Sophie and her mum Pauline were going down to London to be on the GMTV sofa in the morning.

Marcella and I had to film a little piece that would be played before they did a live interview with Andrew Castle and Emma Crosby.

We did not have much time to shoot because they had to catch a train and before they did that they were off to get a spray tan.

As quickly as I could I set up a couple of lights in the small lounge where a large plasma TV and an off white faux regency sideboard topped with a  sizeable mirror fought for dominance of the room.

Marcella brought down a large red heart shaped cushion that we put on the sofa. Marcella and Sophie then sat sown and I filmed an interview with them.

One of Sophie’s main reasons for wanting to follow in the Katie Price / Jordan footsteps was that she was a good business woman and had her own range of hair straighteners.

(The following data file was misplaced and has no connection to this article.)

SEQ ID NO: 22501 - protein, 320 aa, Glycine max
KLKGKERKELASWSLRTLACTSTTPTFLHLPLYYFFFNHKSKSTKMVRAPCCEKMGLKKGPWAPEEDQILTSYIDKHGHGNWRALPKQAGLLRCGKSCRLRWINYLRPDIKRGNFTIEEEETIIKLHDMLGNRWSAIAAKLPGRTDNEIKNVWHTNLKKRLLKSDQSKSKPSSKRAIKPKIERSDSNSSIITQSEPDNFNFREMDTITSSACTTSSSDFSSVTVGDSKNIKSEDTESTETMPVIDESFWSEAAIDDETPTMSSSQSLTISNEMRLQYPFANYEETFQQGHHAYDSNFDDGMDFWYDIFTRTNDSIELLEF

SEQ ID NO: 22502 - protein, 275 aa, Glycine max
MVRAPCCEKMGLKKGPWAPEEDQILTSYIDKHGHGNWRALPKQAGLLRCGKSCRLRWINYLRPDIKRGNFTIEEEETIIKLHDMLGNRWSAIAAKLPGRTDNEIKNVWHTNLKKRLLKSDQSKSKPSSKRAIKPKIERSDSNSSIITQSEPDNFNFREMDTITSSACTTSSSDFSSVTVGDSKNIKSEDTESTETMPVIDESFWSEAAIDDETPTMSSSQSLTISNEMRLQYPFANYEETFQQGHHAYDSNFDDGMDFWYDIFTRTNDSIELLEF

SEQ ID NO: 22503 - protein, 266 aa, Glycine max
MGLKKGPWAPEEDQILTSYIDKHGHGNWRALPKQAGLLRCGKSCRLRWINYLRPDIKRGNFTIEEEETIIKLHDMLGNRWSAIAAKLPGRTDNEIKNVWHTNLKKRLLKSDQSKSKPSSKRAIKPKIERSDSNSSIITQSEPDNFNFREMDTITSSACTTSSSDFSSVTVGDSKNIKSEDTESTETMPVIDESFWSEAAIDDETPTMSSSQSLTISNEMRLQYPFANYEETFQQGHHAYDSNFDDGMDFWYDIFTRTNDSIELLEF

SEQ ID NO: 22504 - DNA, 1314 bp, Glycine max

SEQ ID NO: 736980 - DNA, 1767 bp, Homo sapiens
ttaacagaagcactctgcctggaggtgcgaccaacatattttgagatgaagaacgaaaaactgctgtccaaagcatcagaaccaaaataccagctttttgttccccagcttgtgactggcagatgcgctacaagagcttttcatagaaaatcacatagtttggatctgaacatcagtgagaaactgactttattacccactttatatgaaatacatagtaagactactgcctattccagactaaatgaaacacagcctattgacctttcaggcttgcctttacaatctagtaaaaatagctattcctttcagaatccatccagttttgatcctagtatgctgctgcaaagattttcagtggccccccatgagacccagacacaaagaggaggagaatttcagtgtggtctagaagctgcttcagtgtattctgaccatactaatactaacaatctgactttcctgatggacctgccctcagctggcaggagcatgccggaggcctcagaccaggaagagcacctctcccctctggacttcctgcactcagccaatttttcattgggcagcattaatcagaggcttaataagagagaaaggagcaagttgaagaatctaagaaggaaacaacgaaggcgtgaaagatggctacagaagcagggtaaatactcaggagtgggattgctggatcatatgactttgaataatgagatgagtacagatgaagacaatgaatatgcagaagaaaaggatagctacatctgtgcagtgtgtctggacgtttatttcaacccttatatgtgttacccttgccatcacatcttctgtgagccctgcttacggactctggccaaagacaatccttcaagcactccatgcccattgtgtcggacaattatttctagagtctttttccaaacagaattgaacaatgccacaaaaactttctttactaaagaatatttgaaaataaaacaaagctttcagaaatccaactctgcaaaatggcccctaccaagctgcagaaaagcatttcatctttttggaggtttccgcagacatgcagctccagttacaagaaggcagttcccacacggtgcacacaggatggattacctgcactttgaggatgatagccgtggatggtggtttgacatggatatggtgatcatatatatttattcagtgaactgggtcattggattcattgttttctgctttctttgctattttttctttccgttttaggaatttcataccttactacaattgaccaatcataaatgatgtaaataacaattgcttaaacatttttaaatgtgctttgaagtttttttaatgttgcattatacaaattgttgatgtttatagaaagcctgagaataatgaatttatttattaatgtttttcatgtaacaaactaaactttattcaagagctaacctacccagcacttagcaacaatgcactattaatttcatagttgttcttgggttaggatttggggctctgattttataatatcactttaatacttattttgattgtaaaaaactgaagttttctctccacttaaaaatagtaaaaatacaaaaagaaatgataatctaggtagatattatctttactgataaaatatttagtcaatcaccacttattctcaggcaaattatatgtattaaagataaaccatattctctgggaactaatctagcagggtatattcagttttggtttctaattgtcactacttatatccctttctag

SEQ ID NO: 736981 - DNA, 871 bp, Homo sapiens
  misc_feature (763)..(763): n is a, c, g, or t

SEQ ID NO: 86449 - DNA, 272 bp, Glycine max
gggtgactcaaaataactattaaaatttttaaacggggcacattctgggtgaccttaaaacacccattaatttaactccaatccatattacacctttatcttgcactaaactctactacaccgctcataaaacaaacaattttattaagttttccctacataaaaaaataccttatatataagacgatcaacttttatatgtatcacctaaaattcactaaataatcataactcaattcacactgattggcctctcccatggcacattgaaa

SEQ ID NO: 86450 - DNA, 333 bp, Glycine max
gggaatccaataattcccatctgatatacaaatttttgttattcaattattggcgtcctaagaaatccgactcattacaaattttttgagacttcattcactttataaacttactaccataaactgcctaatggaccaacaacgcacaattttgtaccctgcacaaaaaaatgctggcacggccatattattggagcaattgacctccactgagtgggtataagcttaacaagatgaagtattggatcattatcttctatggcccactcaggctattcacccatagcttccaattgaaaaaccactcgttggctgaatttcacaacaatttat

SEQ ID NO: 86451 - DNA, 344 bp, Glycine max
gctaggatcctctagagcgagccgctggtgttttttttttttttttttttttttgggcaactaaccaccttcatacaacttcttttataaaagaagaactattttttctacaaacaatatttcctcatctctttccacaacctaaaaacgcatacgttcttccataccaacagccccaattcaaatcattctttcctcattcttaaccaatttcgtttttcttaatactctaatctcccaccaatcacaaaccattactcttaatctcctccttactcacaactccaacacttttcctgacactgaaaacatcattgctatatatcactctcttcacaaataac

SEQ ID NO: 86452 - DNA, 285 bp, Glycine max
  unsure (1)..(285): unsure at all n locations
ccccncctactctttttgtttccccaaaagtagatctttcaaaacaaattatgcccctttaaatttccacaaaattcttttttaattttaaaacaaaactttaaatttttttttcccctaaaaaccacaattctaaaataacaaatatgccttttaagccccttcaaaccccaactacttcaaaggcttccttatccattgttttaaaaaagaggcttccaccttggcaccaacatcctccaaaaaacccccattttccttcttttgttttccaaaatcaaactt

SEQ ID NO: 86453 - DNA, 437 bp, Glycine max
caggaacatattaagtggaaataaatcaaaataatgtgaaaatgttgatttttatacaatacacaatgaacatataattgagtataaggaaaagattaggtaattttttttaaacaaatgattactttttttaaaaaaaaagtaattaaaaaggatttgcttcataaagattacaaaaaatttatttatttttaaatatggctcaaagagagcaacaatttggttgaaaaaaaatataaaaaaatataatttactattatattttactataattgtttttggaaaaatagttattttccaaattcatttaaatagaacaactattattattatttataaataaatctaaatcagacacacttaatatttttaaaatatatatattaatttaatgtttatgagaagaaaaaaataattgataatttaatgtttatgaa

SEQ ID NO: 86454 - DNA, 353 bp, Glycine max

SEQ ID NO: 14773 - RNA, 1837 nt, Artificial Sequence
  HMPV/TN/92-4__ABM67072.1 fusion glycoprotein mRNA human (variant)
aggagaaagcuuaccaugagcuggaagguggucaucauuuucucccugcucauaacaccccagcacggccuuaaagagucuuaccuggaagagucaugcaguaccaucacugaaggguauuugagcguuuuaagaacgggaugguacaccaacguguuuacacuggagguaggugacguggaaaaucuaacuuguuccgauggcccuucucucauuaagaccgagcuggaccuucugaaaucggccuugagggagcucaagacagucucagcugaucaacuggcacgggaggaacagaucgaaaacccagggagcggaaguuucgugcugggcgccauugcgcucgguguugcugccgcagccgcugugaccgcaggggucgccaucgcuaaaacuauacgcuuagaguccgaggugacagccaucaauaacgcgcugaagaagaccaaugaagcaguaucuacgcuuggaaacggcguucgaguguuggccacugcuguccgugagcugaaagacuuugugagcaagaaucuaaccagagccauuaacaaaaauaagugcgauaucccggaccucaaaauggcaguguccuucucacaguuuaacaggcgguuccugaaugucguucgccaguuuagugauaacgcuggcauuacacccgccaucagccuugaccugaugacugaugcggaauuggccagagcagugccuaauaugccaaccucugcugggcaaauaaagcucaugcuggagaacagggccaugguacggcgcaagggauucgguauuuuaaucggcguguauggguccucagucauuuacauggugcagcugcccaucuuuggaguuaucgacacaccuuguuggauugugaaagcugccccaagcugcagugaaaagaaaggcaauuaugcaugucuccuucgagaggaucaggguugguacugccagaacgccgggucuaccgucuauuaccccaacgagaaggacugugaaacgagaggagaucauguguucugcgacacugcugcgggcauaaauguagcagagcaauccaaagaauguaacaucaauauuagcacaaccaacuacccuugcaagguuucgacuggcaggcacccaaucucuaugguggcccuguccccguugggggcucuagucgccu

I did a few more shots of the very attractive little girl having her hair curled by her mum, putting on make up and doing a bit of posing in the big mirror in the lounge and another large kitsch mirror at the top of the narrow stairs.

That was all we had time for.

Two Beautiful Ladies, Marcella and Sophie.

I was glad that there was a bit of time pressure because on the way to Bishop Auckland I had been told that I would need to head back to the flood zone for another live broadcast in the morning.

Marcella was also going to be doing the broadcast. By this time it was nearing 6 pm and she had been up since 3 am. So she elected not to drive across the A66 until the morning and get her head down locally.

I would go over to Cockermouth and rendezvous with the satellite truck that was also on the way and use it to send the stuff I had shot back to London.

That was the plan.

There was one slight problem with that. The truck trundling up from the depths of Yorkshire was not carrying a machine to play the tape. So the playout would have to be done using my camera.